Category Archives: Life As A Nico

Dear Nico,

You keep the door open, but leave the porch light off.

If people need you, they will find you. And if you need them -- well, you'll do nothing. Because that's what you do.

You once had friends who sang in perfect harmony. At this point in time, they don't call you anymore. And your plan for this is to do nothing about it. The distance grows greater. Eventually, they forget about you.

You are, ultimately, forgettable. This isn't a problem in and of itself. People move on because they must. But having become comfortable with this is why you remain in the shadows, so don't blame anyone but yourself for refusing to light your candle in the darkness.

The reality of this is that you have an insatiable, obsessive-compulsive need to always feel like you've started over. A clean slate. Tabula rasa. A sound mind is a clear one.

The disadvantages of this are that the records you once sought to keep -- your blog entries that disappeared into the void, your YouTube videos that got eaten by the Google+ debacle -- they're gone. But you don't miss them. If they hadn't become indelible memories by now, then they weren't really that great after all. That's what you tell yourself. Are you right?

You might be comfortable eradicating your own records, and staying out of sight until the wrinkle you left in other people's memories is smoothed out by the new calendar page. But other people aren't like you. Some will keep those calendar pages in old cigar boxes and look at your writing when they want to remember.

And where will you be? Somewhere in the dark? Holding a candle you refuse to light?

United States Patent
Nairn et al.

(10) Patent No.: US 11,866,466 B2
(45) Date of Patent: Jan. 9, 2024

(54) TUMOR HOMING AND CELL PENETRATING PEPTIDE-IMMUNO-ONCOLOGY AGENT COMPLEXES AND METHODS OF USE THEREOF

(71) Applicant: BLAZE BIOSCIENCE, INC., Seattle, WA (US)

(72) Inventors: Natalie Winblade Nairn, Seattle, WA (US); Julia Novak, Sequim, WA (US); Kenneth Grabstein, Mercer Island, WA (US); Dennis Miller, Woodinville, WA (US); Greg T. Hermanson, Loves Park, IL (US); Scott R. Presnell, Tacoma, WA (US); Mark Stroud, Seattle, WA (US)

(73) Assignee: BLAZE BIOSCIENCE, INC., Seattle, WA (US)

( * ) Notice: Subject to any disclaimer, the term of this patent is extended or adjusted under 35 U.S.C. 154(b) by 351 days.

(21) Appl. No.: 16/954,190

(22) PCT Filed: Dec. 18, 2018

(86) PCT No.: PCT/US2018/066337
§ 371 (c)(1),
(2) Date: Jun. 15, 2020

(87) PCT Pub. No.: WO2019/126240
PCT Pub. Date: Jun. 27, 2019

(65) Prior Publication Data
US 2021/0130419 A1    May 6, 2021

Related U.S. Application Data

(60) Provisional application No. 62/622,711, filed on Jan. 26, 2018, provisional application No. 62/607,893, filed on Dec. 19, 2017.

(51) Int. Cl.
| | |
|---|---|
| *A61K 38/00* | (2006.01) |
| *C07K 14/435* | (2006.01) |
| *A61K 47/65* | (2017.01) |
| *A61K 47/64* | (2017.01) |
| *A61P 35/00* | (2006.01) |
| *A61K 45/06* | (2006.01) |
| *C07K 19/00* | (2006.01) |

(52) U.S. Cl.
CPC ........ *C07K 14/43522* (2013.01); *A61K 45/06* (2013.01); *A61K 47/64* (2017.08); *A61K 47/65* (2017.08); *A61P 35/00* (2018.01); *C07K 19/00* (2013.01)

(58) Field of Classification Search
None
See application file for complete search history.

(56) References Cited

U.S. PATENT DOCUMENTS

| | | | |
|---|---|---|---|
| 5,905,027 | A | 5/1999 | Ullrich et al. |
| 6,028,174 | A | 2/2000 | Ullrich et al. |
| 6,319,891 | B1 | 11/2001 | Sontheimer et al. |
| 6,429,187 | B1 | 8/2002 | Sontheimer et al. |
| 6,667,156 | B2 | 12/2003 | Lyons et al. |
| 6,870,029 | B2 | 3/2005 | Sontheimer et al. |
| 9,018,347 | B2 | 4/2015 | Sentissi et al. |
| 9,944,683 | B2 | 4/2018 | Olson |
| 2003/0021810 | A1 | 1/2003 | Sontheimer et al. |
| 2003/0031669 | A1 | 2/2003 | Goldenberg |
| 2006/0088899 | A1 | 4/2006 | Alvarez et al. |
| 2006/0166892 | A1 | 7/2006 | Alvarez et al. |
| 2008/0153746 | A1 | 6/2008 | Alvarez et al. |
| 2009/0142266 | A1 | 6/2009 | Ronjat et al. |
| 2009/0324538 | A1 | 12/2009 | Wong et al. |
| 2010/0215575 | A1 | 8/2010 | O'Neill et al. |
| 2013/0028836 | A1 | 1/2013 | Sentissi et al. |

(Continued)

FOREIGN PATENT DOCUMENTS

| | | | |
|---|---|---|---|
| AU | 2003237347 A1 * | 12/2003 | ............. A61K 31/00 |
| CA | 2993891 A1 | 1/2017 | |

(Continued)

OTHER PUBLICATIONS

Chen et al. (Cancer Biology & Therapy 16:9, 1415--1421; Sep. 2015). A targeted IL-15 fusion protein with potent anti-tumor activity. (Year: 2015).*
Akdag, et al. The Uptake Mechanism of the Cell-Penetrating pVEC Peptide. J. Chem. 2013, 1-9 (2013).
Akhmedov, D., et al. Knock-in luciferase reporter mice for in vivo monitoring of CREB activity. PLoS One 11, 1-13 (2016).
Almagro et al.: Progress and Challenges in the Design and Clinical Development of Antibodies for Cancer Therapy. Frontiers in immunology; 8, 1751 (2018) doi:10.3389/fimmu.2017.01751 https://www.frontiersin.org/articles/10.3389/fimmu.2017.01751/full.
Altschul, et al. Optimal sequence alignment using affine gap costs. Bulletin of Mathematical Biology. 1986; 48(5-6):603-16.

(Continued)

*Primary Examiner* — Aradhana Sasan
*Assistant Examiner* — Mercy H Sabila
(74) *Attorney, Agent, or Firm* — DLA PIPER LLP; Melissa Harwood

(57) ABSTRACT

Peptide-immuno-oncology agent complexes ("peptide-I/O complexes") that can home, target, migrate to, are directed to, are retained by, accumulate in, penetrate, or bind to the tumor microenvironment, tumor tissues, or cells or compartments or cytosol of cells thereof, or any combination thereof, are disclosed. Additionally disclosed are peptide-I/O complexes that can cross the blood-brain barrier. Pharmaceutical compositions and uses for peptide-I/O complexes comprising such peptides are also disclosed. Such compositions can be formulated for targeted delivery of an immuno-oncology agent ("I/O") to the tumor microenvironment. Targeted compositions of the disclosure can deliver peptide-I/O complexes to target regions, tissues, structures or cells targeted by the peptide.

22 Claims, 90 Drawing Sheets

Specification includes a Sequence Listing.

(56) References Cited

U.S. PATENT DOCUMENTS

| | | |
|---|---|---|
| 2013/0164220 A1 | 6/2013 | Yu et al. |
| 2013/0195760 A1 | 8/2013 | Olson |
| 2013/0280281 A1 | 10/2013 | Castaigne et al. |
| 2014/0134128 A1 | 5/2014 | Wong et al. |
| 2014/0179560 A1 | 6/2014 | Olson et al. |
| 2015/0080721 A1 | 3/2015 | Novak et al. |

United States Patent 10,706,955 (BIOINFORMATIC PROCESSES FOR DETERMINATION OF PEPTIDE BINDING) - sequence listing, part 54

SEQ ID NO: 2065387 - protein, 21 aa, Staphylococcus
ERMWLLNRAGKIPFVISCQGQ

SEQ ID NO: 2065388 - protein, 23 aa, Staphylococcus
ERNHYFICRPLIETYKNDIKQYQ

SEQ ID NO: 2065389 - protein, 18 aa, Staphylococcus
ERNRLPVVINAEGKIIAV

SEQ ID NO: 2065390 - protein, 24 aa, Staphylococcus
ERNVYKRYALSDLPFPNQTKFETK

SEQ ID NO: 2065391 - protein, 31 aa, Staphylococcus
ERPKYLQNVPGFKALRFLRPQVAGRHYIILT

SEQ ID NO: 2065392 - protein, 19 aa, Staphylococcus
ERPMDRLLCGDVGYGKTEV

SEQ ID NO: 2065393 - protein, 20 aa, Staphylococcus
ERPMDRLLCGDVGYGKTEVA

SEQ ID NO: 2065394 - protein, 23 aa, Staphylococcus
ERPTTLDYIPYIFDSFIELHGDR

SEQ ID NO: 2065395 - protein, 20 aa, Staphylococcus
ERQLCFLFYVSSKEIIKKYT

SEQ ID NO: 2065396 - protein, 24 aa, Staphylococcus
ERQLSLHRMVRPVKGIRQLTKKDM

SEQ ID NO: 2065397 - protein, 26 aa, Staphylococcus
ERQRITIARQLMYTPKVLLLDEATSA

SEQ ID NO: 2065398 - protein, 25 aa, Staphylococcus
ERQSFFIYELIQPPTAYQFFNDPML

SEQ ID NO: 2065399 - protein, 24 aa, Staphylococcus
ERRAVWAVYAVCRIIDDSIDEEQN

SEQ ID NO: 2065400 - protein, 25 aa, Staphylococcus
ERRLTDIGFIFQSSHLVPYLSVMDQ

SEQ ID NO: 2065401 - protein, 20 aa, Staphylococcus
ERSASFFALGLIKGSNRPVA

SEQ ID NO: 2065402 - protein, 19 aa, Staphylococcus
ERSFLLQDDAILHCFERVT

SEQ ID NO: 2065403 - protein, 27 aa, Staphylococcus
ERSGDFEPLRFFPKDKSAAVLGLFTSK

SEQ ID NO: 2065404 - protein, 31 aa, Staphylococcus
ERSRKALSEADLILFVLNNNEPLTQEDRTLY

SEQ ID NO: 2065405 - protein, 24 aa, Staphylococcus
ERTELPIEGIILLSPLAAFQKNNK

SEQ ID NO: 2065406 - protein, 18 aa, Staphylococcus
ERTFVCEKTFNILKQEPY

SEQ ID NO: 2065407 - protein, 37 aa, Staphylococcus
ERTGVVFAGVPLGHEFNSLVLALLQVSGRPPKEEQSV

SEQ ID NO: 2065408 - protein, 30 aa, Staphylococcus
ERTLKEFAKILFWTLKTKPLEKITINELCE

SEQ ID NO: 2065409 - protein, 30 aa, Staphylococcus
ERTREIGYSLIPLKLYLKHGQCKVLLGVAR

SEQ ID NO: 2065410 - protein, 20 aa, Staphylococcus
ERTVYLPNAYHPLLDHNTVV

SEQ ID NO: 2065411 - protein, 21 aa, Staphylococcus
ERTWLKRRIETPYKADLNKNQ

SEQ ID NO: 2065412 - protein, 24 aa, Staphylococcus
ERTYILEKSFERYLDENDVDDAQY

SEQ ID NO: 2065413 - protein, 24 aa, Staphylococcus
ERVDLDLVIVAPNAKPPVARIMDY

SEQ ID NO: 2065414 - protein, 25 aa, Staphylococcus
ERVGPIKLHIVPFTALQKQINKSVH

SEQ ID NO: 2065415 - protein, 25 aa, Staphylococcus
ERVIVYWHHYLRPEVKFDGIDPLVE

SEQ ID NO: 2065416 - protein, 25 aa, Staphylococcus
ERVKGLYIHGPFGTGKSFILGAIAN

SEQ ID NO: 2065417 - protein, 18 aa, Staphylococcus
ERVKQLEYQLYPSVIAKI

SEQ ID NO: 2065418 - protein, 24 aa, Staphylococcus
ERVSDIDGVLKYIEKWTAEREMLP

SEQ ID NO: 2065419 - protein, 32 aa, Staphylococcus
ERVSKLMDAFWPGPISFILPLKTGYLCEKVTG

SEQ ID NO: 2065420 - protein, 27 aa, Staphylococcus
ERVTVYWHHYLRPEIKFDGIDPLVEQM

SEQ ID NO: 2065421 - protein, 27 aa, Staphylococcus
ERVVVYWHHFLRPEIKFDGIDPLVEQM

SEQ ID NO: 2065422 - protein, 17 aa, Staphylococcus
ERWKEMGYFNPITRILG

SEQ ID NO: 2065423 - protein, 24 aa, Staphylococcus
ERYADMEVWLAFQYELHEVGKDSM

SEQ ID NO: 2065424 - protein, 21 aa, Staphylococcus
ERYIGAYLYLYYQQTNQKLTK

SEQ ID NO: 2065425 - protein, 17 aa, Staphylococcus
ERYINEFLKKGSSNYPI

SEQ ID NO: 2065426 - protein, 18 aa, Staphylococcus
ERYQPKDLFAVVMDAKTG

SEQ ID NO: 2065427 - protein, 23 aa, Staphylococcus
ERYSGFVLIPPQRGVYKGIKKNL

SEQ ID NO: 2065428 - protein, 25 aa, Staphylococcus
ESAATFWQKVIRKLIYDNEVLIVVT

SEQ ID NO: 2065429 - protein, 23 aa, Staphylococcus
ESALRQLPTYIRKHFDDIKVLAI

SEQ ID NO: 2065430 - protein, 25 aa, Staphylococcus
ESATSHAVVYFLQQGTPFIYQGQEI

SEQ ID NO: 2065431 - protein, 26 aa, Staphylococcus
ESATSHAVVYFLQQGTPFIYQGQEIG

Or will you finally turn on your porch light before you must, inevitably, lock the door for the last time?

Fine. Burn the records. Just remember: You will never be able to disappear completely. You can set fire to memories if you want to forget them as much as you've been forgotten.

But there will always be ashes.

You, circa 2014

Honestly, I'm having trouble reconciling my once-full-time independent contracting life with today's traditional day job. During the work week, I set my life aside and dedicate my time to the company, but where most people return to their lives when they get back from work, I get ready to work again.

And I think I'm digging myself deeper into a hole here. I am behind on every single obligation I've made, simply because there just aren't enough hours in the day. Because I consider these obligations more important than the minor tasks of living, I forget the little things I'm supposed to do to take care of my own life. I forget to iron shirts. I go to bed hungry some nights because I forget to get groceries. I moved here nearly two months ago, and most of my things are still in boxes.

To be fair to those who work more than one full-time job, I'm not complaining. I'm conceding my inferiority.
Continue reading

So, I turned 30 recently.

I do have a way to explain my feelings on this, I think. Yet again, video games are my analogy of choice for explaining how the world works. Oh, shut up, you knew what you were getting into when you started reading this.

If life were like videogames1, then growth is measured by leveling up when a player has earned enough experience points to acquire a new level in a skill or skills, often accompanied by the ability to wield new weaponry, access new places, or begin new assignments.

So let's say I just turned Level 30. Have I been granted anything new? Continue reading

  1. Which poses a problem in the way of art imitating life imitating art, but that's another conversation

Ah, love. Sometimes — and in shojo series, it's very frequently — it's entirely one-sided. When a character encounters that certain special someone who's totally out of their reach ("takane no hana"), a conveniently timed airplane flies by, and the unrequited lover spends several seconds staring at the airplane as it flies off into the distance, forever out of reach. In fantasy or historical series where there are no airplanes, a bird appears instead.
-TV Tropes